Fitch downgrades Ghana’s credit rating from B- to CCC

Fitch ratings

Fitch downgrades Ghana’s credit rating from B- to CCC

Ghana has suffered another blow as its credit rating has been downgraded by Fitch Ratings from B- to CCC.

This rating did not come with an outlook because Fitch typically does not assign outlooks to ratings of ‘CCC+’ or below.

This update follows Standard and Poor’s (S&P) downgrade of Ghana’s foreign and local credit ratings from B-B’ to CCC+C with a negative economic outlook.

Ghana’s January 2022 B- rating from Fitch came with a negative outlook.

Eight months down the line, the agency says the downgrade reflects the deterioration of Ghana’s public finances.

It said this has “contributed to a prolonged lack of access to Eurobond markets, in turn leading to a significant decline in external liquidity.”

Fitch expects Ghana’s international reserves to fall to close to two months of current external payments by end-2022 without any new external financing sources.

After a rough 2022 that has seen Ghana in the throes of an economic crisis, the Akufo-Addo administration has turned to the IMF for a support programme.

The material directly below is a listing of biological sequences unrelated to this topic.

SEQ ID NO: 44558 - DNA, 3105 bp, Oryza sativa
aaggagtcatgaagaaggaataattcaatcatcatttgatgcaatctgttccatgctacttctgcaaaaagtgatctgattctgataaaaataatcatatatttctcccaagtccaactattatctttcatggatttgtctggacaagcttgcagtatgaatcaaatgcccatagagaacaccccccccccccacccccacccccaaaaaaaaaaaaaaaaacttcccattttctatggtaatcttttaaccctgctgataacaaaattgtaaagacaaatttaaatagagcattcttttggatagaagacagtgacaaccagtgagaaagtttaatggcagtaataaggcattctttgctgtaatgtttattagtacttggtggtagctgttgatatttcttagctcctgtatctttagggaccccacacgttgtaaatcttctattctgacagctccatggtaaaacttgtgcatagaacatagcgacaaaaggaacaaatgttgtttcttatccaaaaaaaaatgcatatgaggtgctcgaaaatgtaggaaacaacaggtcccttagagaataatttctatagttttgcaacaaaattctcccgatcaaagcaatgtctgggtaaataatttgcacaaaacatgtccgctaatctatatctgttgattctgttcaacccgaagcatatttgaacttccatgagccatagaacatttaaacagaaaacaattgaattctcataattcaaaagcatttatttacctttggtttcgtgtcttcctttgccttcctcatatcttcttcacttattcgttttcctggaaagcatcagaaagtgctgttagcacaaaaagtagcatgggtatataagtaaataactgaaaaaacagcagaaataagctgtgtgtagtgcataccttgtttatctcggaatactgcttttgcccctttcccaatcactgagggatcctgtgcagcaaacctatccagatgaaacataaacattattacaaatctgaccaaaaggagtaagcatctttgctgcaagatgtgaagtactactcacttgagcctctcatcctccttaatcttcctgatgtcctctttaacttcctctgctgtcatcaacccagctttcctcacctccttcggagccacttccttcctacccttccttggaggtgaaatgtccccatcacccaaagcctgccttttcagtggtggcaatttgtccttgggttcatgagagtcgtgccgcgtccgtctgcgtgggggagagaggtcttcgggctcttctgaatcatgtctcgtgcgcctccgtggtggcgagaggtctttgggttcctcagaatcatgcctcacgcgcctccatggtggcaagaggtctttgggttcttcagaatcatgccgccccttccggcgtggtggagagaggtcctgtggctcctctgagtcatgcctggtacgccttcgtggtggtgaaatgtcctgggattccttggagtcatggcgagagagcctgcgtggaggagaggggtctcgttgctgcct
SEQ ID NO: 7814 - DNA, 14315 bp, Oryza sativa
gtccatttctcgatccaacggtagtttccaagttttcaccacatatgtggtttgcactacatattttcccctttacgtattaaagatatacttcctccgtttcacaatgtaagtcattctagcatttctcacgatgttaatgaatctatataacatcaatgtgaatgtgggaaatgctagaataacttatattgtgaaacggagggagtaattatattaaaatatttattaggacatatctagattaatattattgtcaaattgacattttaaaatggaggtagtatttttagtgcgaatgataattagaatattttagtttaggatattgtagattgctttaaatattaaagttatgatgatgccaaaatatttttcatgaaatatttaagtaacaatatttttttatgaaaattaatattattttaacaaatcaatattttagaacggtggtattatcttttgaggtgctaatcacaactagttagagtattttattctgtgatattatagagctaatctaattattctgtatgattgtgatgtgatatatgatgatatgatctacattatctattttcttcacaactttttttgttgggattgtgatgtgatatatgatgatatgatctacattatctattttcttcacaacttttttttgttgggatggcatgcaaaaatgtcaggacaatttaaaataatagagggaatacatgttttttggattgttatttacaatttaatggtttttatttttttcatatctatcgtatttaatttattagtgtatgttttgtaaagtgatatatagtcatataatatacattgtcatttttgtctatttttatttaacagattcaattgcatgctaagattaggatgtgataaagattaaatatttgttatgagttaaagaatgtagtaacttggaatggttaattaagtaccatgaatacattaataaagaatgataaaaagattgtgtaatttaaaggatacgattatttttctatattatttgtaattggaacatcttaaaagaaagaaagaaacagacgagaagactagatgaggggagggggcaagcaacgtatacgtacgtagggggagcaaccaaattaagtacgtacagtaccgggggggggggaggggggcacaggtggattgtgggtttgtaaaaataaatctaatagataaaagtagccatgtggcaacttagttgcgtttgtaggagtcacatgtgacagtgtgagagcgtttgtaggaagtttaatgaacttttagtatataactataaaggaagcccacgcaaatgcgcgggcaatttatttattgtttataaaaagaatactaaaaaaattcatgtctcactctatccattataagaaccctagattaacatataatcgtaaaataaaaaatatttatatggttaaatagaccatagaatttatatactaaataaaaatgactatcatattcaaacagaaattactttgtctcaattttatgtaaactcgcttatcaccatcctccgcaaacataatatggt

Fitch noted that the government’s high-interest costs and structurally low revenue as a percentage of GDP have increased the likelihood that IMF support would necessitate some form of debt treatment.

It expects a deal with the IMF to crystalise within the next six months.

“We estimate that a programme could disburse as much as USD3 billion and unlock budget support from other multilateral lenders.”

However, Fitch feels that the timing of such a deal is uncertain “and would be dependent on the government’s ability to present a credible fiscal reform plan in line with increasing government revenue and improving debt affordability metrics.”

The ratings agency estimates that Ghana faces $2.75 billion of external debt servicing in 2022, including amortisation and interest, and $2.8 billion in 2023.

For the remainder of 2022, Fitch expects the government to meet its external debt obligations through a combination of a $750 million term loan from the African Export-Import Bank (BBB), $250 million in syndicated loans from international commercial banks, and up to $200 million from the government’s sinking fund.


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